With hurricane season about to start, Floridians are getting concerned about how coronavirus will impact it, a new poll shows.
Get Ready, Florida!, the statewide hurricane safety initiative, released a poll on Thursday looking at what residents of the Sunshine State are thinking as hurricane season begins on Monday.
Jay Neal, the president and CEO of the FAIR Foundation and a partner of Get Ready, Florida!, weighed in on Thursday, noting that the coronavirus pandemic is impacting Floridians as they looked ahead to hurricane season.
“COVID-19 has created a very real, sustained sense of anxiety, and that’s even before the wild card of a major hurricane,” said Neal. “Add hurricane season to the uncertainty of the pandemic and you introduce another set of serious issues to worry about.”
A slight majority of Floridians–51 percent–say they are more concerned about hurricanes this year due to the coronavirus. Almost every Floridian surveyed–91 percent–said they had at least one concern regarding the upcoming hurricane season, including:
- 62 percent saying they are concerned about more strains on first responders
- 58 percent saying they are concerned about business closures or more hits to the economy
- 43 percent saying they are concerned about fewer shelters open due to social distancing
- 39 percent saying they are concerned about uncertainty about where it would be safe to evacuate to
- 35 percent saying they are concerned about the ability to care for elderly or special needs relatives
- 30 percent saying they are concerned about the ability to afford supplies
That uncertainty about where and how to evacuate or find shelter may aggravate an existing problem – the tendency of many Floridians to ignore evacuation recommendations or wait until the last minute. According to the survey, almost half of those surveyed–47 percent–say that they have stayed where they live through a storm despite recommendations to evacuate.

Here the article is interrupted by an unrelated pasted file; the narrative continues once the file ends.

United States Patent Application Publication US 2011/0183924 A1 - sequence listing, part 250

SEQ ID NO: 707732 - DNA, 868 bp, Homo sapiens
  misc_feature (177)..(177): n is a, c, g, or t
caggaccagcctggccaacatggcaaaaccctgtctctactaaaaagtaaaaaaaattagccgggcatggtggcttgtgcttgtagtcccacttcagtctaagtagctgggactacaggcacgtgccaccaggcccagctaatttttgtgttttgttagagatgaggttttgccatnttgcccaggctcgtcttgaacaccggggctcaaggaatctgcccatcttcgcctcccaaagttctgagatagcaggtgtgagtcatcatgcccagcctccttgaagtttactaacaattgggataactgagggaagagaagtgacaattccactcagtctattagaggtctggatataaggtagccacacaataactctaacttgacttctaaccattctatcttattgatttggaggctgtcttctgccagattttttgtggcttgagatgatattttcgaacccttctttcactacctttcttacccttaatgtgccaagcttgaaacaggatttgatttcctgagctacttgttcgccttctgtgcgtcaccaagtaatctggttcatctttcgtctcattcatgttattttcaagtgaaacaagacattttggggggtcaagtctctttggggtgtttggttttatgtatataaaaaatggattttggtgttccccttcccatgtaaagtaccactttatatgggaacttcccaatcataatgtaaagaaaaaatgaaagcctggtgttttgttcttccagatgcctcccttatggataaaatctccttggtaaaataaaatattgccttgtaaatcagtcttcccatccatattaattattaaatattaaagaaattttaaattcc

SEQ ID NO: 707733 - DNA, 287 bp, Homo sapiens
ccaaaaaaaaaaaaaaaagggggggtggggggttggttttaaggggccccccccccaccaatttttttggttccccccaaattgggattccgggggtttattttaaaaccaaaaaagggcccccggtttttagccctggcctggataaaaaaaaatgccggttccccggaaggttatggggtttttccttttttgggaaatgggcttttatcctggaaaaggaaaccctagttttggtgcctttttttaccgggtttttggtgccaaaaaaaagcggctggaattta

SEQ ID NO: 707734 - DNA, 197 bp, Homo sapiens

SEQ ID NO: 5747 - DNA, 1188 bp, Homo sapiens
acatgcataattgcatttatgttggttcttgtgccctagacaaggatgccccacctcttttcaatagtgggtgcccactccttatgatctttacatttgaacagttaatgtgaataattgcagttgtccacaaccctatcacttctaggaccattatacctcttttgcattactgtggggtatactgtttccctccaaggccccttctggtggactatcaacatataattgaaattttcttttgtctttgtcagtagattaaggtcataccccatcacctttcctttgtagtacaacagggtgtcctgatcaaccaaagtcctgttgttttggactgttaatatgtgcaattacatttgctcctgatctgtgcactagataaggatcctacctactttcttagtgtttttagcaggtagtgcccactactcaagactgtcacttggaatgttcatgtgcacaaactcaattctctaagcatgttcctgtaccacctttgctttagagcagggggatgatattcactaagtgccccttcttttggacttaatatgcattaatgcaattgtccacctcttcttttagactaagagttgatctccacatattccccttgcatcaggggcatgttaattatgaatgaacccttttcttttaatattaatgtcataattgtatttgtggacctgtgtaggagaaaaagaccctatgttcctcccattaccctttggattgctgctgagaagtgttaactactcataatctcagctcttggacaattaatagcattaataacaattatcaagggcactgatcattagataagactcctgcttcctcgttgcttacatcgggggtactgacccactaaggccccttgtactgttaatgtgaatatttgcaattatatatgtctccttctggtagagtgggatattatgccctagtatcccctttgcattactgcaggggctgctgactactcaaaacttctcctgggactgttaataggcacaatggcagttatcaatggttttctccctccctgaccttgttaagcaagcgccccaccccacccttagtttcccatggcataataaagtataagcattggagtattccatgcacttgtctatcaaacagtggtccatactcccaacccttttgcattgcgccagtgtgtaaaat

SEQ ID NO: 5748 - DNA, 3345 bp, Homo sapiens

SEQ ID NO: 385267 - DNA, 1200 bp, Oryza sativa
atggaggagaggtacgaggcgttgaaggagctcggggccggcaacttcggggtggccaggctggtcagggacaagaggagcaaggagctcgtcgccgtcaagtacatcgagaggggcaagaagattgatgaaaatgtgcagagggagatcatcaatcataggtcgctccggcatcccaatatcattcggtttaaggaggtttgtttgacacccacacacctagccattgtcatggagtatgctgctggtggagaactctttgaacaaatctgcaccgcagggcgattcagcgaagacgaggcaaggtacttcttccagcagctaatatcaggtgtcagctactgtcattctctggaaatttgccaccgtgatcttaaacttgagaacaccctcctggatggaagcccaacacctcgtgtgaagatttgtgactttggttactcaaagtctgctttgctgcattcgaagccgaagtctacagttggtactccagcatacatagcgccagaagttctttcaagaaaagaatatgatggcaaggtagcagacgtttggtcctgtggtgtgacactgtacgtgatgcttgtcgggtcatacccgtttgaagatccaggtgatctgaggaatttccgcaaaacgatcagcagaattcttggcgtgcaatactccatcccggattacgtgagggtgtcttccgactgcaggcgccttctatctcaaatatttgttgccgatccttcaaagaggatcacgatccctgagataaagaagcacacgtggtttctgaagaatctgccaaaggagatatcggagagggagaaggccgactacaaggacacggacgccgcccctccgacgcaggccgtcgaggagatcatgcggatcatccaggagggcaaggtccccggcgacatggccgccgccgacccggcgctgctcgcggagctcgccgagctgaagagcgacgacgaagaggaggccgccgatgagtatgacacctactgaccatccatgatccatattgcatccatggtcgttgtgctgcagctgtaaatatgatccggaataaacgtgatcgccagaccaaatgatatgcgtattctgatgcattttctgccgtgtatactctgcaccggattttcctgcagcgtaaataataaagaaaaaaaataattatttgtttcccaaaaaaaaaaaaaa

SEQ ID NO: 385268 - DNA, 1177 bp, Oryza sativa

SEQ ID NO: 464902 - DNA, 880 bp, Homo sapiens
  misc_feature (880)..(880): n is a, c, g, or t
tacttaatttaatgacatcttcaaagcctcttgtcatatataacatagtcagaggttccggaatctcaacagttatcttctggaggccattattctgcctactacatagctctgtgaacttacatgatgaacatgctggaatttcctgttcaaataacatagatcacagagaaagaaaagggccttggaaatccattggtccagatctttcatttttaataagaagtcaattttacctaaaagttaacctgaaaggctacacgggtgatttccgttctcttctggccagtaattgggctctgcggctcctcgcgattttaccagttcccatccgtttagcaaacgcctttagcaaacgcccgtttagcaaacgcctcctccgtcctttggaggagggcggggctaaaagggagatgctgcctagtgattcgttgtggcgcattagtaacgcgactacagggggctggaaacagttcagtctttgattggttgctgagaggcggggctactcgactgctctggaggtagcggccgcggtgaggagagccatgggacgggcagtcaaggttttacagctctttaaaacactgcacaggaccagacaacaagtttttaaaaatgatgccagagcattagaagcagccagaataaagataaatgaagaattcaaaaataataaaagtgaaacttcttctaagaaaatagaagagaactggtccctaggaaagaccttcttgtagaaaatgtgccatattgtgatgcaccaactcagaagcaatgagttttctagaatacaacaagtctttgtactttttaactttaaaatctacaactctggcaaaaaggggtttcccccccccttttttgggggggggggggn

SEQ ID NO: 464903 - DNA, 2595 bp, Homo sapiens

“Social distancing will change the way we shelter people in a hurricane, without a doubt,” said Craig Fugate, the former administrator of the Federal Emergency Management Agency. “For instance, everyone should add masks to their family hurricane kit. But if you’re told to evacuate, you still need to heed those orders and get out to a safer place.”
The economic strain of COVID-19 may also leave some Floridians less prepared for hurricane season. In addition to the 30 percent who worry about their ability to afford supplies, about 25 percent say they have put off needed home repairs due to COVID-19.
Many Floridians continue to lack essential safety knowledge needed for hurricane season. For instance, when asked where it’s safe to use a generator, 27 percent cite an unsafe spot, including a balcony or garage.
And while almost a quarter of Floridians–23 percent–feel more prepared for hurricane season, possibly because they’ve become accustomed to spending more time at home, experts say it is important that all Floridians stock up on the basics they need to weather a storm.
“It’s important to plan ahead and ensure you have an adequate supply of tap and/or bottled water when hurricanes emerge as a potential threat, said Kent Koptiuch, the natural resource manager for Nestlé Waters North America. “Emergency managers now recommend households have enough food and water for seven days, including one gallon of water per person per day.”
Get Ready, Florida! is an annual statewide public education initiative that has been working to educate Floridians about hurricane preparedness and safety for more than 20 years.
The poll of 1,500 Florida voters was conducted by Sachs Media Group on May 21-22 with a margin of error +/- 2.2 percent.